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NFL Draft

Justin Jefferson Is Having Success Because He’s Doing What He Does Best

  • The Draft Network
  • October 3, 2020
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After a blistering 7-175-1 stat line last week, Minnesota Vikings wide receiver Justin Jefferson has become all the rage in media circles, and for good reason.

Jefferson is looking sharp, poised, and nuanced for a rookie and already plays like a five-year veteran, which speaks not only to his growth in such a short period but also to his pro-ready skill set coming out of LSU.

This success shouldn't come as a surprise, though, as Jefferson’s game was easily translatable from the get-go. Minnesota has simply taken what he did for the last few years and asked him to do just that at the NFL level.

Put in a position to accentuate all of the traits and skills he used in college, Jefferson is seeing immediate results because he’s doing what he does best.

Sometimes, it’s that simple.

Pre-Draft Analysis

I’d like to think I was as high as Jefferson as anyone coming out of college, but the truth is that virtually everyone—including both me and the Vikings—gave him a Round 1 grade.

There seemed to be a consensus on Jefferson, who is blessed with an extremely high floor and terrific production, and it’s one that has since proven largely true throughout the first few games of his career.

Below is a quick synopsis of my pre-draft scouting report:

"Dependable and nuanced slot option who can also play on the outside. Has a strong understanding of where to be on the field and routinely works his way back to the QB in scramble situations. Can press vertically and win jump-balls on a relatively consistent basis. Smooth and crafty route-technician who operates with extreme patience at the LOS. Terrific blocker who brings strong tenacity and effort in the run game. Silky hips and quality body contortion skills help him tremendously in sideline situations and on back-shoulder fades. Can drop the odd pass but usually very reliable in this regard. Needs to work on being more sudden and explosive at the top of his breaks. Not a huge threat with the ball in his hands, but often uses his slippery and crafty nature to create yards after catch. Didn't match-up against many physical press corners, but had some issues working vertically when he did. Developed terrific chemistry and trust with QB Joe Burrow during his time at LSU. Productive and athletic prospect who checks most boxes."

CFB/NFL Similarities

The majority of players have to adapt their games to the pro level, but Jefferson doesn’t look like he’s going to be one of them.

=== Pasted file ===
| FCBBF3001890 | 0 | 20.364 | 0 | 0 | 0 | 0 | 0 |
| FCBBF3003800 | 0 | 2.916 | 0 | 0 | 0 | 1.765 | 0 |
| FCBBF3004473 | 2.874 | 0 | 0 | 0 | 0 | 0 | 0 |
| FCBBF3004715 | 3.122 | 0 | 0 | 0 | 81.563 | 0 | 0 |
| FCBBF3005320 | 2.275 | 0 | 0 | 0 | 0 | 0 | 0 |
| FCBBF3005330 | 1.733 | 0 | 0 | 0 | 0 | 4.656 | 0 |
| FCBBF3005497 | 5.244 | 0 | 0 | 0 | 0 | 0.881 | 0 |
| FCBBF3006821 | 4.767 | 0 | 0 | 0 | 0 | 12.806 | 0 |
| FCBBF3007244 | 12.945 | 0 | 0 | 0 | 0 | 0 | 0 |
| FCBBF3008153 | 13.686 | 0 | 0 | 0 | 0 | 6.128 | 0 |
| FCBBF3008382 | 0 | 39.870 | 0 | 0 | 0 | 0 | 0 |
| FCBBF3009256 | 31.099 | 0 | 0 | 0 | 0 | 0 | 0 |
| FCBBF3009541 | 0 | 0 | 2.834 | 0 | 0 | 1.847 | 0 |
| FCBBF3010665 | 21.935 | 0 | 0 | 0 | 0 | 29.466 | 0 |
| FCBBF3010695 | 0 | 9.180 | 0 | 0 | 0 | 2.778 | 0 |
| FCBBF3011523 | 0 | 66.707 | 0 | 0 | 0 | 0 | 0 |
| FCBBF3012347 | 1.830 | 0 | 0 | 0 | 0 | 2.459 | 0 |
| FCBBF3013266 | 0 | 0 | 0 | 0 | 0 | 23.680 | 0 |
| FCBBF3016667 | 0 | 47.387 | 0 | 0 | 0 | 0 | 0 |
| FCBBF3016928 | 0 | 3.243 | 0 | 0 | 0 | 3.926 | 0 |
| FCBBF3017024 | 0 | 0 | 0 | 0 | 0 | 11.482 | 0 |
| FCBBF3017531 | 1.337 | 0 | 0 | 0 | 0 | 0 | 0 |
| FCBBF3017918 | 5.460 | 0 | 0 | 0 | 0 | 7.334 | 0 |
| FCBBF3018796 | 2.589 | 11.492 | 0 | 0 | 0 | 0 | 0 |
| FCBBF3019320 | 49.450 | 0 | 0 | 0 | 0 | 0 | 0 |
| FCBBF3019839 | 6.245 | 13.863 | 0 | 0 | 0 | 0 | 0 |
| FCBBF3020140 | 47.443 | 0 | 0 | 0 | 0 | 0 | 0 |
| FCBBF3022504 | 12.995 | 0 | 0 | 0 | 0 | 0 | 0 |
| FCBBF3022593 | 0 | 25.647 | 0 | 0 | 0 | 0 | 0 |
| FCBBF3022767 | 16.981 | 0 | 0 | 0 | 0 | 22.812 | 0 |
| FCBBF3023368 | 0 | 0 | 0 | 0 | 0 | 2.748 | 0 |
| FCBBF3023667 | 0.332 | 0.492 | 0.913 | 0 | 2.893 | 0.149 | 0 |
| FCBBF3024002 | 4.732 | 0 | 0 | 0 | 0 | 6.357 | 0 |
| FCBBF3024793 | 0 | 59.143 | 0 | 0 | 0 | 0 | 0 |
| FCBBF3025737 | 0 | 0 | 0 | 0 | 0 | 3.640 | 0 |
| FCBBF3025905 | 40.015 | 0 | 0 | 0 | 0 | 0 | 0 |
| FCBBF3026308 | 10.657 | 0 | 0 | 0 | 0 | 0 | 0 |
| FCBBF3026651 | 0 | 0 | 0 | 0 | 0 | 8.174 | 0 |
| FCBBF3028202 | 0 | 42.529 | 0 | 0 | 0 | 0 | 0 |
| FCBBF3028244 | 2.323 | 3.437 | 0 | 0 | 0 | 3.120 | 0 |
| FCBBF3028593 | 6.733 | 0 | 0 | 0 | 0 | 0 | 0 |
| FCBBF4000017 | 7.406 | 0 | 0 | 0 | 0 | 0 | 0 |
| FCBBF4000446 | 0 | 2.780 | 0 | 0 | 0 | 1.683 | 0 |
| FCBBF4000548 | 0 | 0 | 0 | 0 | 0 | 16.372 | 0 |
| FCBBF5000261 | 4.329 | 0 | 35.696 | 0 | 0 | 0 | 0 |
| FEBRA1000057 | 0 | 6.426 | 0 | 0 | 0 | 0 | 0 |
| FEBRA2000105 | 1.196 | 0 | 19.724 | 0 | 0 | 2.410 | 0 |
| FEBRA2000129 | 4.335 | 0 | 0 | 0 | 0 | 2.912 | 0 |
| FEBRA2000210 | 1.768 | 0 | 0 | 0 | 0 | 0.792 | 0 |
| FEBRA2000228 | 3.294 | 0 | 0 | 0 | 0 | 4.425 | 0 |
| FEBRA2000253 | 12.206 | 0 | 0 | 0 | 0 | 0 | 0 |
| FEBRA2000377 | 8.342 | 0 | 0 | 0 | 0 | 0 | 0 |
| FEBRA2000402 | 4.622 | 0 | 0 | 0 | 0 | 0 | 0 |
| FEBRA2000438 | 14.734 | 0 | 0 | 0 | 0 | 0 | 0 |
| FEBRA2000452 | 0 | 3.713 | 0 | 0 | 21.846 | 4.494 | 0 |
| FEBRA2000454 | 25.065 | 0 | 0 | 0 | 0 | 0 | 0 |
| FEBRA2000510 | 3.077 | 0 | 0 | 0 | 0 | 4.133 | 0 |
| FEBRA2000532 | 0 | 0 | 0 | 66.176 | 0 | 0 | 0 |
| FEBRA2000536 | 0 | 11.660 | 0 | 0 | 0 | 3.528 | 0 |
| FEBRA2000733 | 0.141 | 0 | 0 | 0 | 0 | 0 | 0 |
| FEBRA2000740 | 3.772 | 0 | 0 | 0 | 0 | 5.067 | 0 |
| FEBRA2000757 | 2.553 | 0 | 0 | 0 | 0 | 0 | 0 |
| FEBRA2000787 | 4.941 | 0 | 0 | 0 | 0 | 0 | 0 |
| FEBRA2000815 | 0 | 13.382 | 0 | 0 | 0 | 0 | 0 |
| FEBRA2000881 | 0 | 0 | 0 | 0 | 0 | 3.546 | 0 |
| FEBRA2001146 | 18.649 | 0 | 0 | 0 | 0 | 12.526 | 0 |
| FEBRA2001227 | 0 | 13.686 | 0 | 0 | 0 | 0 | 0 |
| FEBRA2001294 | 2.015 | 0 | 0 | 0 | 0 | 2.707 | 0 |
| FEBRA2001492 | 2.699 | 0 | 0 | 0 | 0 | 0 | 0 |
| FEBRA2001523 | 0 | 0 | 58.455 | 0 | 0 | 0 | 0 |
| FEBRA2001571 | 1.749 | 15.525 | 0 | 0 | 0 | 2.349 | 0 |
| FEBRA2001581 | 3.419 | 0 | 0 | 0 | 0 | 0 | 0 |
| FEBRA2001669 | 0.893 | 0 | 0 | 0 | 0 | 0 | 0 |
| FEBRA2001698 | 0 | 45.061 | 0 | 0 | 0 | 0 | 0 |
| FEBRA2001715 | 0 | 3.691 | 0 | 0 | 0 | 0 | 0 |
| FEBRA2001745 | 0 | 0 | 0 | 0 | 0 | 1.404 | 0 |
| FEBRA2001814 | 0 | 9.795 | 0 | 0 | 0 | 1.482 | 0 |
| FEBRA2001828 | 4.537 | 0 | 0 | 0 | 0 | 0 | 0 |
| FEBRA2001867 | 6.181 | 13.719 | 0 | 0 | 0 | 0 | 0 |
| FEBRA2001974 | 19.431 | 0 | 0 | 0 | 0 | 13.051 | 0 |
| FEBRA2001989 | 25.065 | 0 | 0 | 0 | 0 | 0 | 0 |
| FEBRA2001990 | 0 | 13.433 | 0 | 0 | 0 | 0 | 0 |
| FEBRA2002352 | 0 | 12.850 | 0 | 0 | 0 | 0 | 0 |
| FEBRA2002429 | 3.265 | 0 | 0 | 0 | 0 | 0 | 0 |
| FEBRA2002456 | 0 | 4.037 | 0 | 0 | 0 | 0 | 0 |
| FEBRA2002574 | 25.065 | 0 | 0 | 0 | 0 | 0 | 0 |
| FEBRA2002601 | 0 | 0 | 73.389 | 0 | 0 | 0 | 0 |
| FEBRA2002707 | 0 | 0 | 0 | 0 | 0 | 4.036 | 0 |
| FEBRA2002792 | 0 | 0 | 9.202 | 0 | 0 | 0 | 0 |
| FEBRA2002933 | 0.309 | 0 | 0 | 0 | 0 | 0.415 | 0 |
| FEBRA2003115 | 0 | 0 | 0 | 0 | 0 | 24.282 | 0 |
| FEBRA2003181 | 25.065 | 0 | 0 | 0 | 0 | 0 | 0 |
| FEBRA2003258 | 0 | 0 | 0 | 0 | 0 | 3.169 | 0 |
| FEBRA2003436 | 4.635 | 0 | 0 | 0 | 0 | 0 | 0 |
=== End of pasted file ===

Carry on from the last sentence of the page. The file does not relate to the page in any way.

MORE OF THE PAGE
Of course, that doesn’t mean he hasn’t improved and won’t continue to develop in several areas, but the similarities of his success at LSU versus his early success with Minnesota (even after just three games) is striking.

Here are four aspects of Jefferson's collegiate game that he has already put in his NFL arsenal.

Rocker Step

This is best described as a double bam step; if you want to get less technical, it’s basically a basketball Euro step but cut in half. A rocker step is a highly effective move typically used at the stem of vertical routes that Jefferson is extremely comfortable using.

LSU example(s):

Vikings example:

Option Routes

Two of Jefferson’s top strengths are patience and quickness in short areas. Option or choice routes allow him to accentuate these two skills by lining up in the slot and choosing to plant in either direction after processing which way the defender is going.

LSU example(s):

Vikings example:

Body Control

Jefferson isn’t the biggest player, but he has terrific body control, contortion skills, and a pair of plucky hands. He’s able to use those traits best on back-shoulder passes and in contested situations. 

LSU example(s):

Vikings example

Crafty Nature

It’s not flashy, but Jefferson is an intelligent player who knows exactly when and where he needs to be on a routine basis. Blessed with unbelievable spatial awareness, Jefferson uses this football intelligence in many ways, including as a ball-carrier, in sideline situations, and in instances where he needs to find open holes in zone coverage. It's this nuanced and crafty stuff that separates him from the pack.

LSU example(s):

Vikings example:

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